In a hot market, who you work with matters.
This past weekend, I listed a highly updated, well-kept home in Arvada priced in the low $200s. Thirty-six hours later, the home generated 29 showings and four offers - all at or above list price, including two with "escalator clauses", with the buyer pledging to outbid any bonafide competing offer up to a certain limit.
So, if you're the agent, what do you do here? Simply look at the numbers and choose the highest one? Or delve a little further into the details?
While I won't reveal which offer my seller ultimately chose, I will let you know that one of the first things I did was to go straight to the MLS, and using a technique not many agents know, I pulled up recorded sales history for each of the agents involved.
This production history is important, because the numbers in a purchase offer are irrelevant if the deal never closes.
Using a little-known search function in the Denver MLS, I can pull up to five years of closed sales data for any licensed agent, which shows me how many listings they have sold, how many buyers they have successfully closed, what those homes sold for and where those homes were located.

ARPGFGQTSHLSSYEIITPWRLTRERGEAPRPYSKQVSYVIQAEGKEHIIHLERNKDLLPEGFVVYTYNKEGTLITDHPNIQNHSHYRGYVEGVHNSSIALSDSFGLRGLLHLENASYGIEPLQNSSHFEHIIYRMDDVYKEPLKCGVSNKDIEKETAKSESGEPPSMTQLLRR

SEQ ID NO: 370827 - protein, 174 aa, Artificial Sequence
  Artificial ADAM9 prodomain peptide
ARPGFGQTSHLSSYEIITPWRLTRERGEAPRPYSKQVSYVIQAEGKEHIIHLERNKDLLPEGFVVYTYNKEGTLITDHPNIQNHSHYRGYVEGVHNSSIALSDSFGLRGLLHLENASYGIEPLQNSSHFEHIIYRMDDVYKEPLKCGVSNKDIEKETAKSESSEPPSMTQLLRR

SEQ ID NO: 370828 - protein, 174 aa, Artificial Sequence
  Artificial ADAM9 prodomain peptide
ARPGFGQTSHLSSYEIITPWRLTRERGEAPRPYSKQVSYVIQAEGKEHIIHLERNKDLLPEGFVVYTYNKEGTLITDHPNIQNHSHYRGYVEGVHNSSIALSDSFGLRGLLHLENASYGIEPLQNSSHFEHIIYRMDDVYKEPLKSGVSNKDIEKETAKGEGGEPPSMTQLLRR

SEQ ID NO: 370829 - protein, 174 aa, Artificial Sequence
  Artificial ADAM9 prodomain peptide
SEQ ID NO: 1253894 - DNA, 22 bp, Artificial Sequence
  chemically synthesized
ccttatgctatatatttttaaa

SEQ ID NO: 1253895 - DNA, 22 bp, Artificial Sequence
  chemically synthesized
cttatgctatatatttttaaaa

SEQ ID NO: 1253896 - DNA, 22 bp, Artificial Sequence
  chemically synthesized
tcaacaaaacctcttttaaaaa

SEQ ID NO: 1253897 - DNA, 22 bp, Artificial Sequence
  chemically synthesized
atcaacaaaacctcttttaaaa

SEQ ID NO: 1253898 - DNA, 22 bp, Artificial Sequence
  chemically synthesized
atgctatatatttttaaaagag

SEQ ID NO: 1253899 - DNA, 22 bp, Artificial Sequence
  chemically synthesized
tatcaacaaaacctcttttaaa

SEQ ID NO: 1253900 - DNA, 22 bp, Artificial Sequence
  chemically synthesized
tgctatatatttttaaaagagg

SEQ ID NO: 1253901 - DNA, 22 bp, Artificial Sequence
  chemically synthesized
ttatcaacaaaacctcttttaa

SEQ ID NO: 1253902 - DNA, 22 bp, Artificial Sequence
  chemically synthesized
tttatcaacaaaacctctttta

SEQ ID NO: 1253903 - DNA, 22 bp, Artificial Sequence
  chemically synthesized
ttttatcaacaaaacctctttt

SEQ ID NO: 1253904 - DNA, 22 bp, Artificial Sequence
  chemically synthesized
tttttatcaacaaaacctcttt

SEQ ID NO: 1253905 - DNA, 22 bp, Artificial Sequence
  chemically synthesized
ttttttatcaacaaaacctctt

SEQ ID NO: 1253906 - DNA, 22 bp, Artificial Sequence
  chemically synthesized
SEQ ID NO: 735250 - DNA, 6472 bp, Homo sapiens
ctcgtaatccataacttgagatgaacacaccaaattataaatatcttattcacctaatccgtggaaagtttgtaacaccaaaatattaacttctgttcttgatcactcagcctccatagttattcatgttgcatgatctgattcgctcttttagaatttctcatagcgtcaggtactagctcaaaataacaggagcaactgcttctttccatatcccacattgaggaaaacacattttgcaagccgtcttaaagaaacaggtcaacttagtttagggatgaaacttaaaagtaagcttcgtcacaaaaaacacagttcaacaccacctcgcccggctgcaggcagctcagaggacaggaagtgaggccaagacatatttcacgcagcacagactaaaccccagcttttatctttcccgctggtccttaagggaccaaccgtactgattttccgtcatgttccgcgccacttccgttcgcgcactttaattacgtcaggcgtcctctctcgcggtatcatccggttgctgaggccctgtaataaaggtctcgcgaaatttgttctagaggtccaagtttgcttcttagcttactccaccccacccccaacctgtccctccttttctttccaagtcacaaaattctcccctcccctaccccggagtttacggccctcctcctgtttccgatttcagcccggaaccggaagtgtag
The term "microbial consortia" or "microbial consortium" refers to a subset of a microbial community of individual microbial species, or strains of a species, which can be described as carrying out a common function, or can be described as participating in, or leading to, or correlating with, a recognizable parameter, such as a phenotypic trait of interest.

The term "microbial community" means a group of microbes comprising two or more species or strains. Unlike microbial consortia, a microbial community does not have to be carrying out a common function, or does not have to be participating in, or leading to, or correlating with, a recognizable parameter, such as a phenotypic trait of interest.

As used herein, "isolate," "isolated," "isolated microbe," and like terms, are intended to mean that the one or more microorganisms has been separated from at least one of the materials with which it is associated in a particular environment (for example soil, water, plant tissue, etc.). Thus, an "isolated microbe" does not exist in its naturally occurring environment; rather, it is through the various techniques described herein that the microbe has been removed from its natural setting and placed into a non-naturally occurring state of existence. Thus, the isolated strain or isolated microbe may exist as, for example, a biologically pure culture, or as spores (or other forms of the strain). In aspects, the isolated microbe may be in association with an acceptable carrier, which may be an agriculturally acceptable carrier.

Would that be valuable information for you to have in determining the relative quality of an offer? Of course.
In a hot market overflowing with emotion, would you rather accept an offer from an agent with a proven and consistent track record of closing homes? Or from a newly licensed agent with three lifetime sales?
Here's what my "buyer side" sales production looks like in the MLS. It shows 68 closed buyer sides in the past five years, although that number does not include a handful of "non-MLS" transactions, such as "For Sale by Owner" or new construction deals (the actual number of buyer sides is closer to 80).
I am firmly convinced that in a market where multiple offers are the new normal, the reputation agents have is going to be a deciding factor more and more when determining which offer gets chosen.
This is a stressed out, transitioning market and a lot of people simply can't deal with it. When selecting an offer, it's not just the bottom line number (although that obviously is important). It's figuring out who the buyer is, who the agent is, who the lender is... and then determining (when challenges arise, which they always do) if these people are going to make things happen, or if they are going to make excuses.
Quality matters. Reputation matters. Production matters. Your team matters. Results matter.
In an environment like this, everything matters. So choose wisely, because your success or failure is going to increasingly depend on who you allow into your boat as you push off from the shore.